Negotiations With the Divine 

Music is from the gods in my opinion—the myriad of angels and muses that hover around the heads of all musicians, DJs, music producers is all but visible to me. I have no doubt, all music is divinely inspired—even Cradle of Filth.

People love it, connect to it, live by it. It’s all divine. And yet, so are we–we have power to choose what we need and when.

But what I’m saying here is that there is an extreme dearth of research into the effects of sound on the human mind. And yet we all know it’s powerful! We have to take a look at what it does to us—does it help us or hold us in a place for a long time that we only need to visit once in a while?

Vajra Guru Mantra, Gold on Navy
Vajra Guru Mantra (powerful Tibetan invocation to enlightened beings) by Christopher J. Fynn via Wikimedia Commons.

Shifting a bit, I’ll say that I’ve been participating in a Mantra program as well and this explores even further the power of sound, tone and Sanskrit verses. At this level, it’s about the raw energy of sonic vibrations and how they shift the energy within.

Anyone will discover the profound effect of sound if you allow yourself to repeat mantras and participate in these exercises regularly.

On a recent training on Pranayama principles, we explored the subtle body and participated not only in daily chanting—of Gayatri and Trayambakam mantras, repeatedly, each morning—but also in the practice of Pranava.

This involves the repeated chanting of the sound of Om. We were guided to practice with care, starting deep at the naval and working the sound up through the throat with the final ‘m’ sound vibrating the hemispheres of the brain.

All I can say about this is: Powerful stuff. There was and still is a noted change in my nervous system.

Good Aural Hygiene

It has been years since I spoke with this business man friend yet as I find myself in the midst of another pivotal point in my life, I am really focused on my mind and thought patterns and how they shape my reality.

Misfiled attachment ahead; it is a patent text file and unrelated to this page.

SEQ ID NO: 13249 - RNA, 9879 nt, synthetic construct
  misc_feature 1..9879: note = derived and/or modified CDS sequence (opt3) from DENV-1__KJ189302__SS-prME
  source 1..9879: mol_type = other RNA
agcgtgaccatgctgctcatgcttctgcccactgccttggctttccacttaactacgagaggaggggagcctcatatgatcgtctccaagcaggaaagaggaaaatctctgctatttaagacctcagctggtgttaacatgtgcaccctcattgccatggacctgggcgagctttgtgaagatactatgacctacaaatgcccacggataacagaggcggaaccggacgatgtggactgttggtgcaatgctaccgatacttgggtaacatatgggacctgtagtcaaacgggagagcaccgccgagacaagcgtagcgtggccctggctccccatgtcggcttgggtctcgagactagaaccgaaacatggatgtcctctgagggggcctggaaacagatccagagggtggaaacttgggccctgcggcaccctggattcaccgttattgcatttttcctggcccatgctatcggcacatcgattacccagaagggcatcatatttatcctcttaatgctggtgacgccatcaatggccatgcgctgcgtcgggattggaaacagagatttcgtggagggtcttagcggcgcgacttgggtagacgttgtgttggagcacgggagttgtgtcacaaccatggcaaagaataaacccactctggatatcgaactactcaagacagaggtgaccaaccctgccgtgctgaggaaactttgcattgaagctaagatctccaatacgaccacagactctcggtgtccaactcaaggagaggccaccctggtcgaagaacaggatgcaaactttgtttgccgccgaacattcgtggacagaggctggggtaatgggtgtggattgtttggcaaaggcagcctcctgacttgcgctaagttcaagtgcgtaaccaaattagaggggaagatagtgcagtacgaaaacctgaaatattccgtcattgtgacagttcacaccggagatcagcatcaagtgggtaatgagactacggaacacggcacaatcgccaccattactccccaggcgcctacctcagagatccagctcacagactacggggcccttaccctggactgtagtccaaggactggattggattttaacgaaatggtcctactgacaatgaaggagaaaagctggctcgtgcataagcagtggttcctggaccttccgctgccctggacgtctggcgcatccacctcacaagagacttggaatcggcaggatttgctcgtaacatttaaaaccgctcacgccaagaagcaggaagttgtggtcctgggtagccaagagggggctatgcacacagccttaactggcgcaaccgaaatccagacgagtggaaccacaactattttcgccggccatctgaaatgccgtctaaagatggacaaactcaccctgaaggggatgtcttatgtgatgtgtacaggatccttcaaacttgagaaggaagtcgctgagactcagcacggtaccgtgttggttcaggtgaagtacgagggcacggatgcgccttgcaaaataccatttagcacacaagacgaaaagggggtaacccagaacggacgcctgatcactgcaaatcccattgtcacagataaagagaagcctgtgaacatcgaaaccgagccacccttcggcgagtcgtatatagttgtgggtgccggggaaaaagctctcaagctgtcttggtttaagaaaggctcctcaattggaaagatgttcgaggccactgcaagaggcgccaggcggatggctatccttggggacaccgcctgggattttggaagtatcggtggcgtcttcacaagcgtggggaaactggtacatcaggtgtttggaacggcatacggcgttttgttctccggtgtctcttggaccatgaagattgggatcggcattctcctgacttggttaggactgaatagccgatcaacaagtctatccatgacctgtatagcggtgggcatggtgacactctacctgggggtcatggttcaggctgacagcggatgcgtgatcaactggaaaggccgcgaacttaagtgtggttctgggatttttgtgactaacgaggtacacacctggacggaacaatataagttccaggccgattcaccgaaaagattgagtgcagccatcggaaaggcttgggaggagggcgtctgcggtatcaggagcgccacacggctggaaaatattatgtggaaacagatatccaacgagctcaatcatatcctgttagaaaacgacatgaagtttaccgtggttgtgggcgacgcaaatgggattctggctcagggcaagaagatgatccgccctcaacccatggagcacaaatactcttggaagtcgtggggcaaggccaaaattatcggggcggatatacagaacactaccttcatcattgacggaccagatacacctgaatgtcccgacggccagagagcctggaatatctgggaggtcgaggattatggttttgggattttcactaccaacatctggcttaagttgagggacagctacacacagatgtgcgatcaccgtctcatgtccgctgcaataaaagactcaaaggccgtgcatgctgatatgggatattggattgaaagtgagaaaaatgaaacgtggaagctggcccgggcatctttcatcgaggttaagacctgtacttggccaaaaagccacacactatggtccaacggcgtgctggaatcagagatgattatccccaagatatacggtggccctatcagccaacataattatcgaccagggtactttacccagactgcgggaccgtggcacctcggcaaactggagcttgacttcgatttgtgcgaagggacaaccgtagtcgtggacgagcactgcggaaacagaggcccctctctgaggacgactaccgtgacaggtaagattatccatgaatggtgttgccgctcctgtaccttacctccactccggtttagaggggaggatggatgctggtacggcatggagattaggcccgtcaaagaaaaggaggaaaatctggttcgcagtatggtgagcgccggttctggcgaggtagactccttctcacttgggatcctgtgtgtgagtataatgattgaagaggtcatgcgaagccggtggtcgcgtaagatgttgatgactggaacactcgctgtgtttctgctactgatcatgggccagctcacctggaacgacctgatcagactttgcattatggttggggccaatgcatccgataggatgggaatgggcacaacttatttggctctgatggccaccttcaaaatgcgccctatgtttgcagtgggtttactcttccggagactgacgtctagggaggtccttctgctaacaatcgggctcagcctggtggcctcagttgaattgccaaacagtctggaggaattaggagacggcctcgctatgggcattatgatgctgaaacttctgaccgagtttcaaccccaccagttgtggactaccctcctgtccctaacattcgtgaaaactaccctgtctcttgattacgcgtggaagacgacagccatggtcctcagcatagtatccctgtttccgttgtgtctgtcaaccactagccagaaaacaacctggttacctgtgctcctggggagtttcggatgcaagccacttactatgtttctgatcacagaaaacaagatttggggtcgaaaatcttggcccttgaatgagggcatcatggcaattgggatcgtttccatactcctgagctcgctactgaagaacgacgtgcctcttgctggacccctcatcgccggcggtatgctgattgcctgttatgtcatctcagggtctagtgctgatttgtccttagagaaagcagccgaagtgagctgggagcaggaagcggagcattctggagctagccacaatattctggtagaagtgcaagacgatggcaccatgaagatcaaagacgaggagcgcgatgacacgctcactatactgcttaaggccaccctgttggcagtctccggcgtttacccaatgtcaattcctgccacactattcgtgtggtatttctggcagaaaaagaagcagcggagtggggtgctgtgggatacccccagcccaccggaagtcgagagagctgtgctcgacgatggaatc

That being said, I’m suddenly very conscious of the music I’m listening to now, the lyrics and the vibe.

What I realize is that musicians, while tapping into an incredible intuition, are still human beings who are at certain points in their lives and are availed a very specific window on reality. We join them and listen to them and buy their ideas.

The fading Adele craze comes to mind—all kinds of songs about breaking up, regret, sadness.

When I hear that in stores, I leave. I couldn’t buy any of her music because it all conjured emotion and thought about a place I was not visiting, even remotely. From the little I have heard of her, she has an amazing voice but the vibration there is heavy for me.

iPhone song delete screenshot
I couldn’t do it … but you get what I mean.

This may sound extreme, but honestly, I’m at a place where I need to go through my sound library and make sure that the messages are ones I want etching my future. They served me in the past when I bought them but now, do they still?

I am ready for this next shift; everything I put in must support it.

Visiting Vishuddha

The fifth chakra, according to the Hindu-based (yet widely-accepted) energetic system, is termed Vishuddha. Its energetic color frequency reveals as blue. It governs the throat, but do not let that idea limit it to speech.

It has to do with sound as well, since vocalization and listening are intimately paired.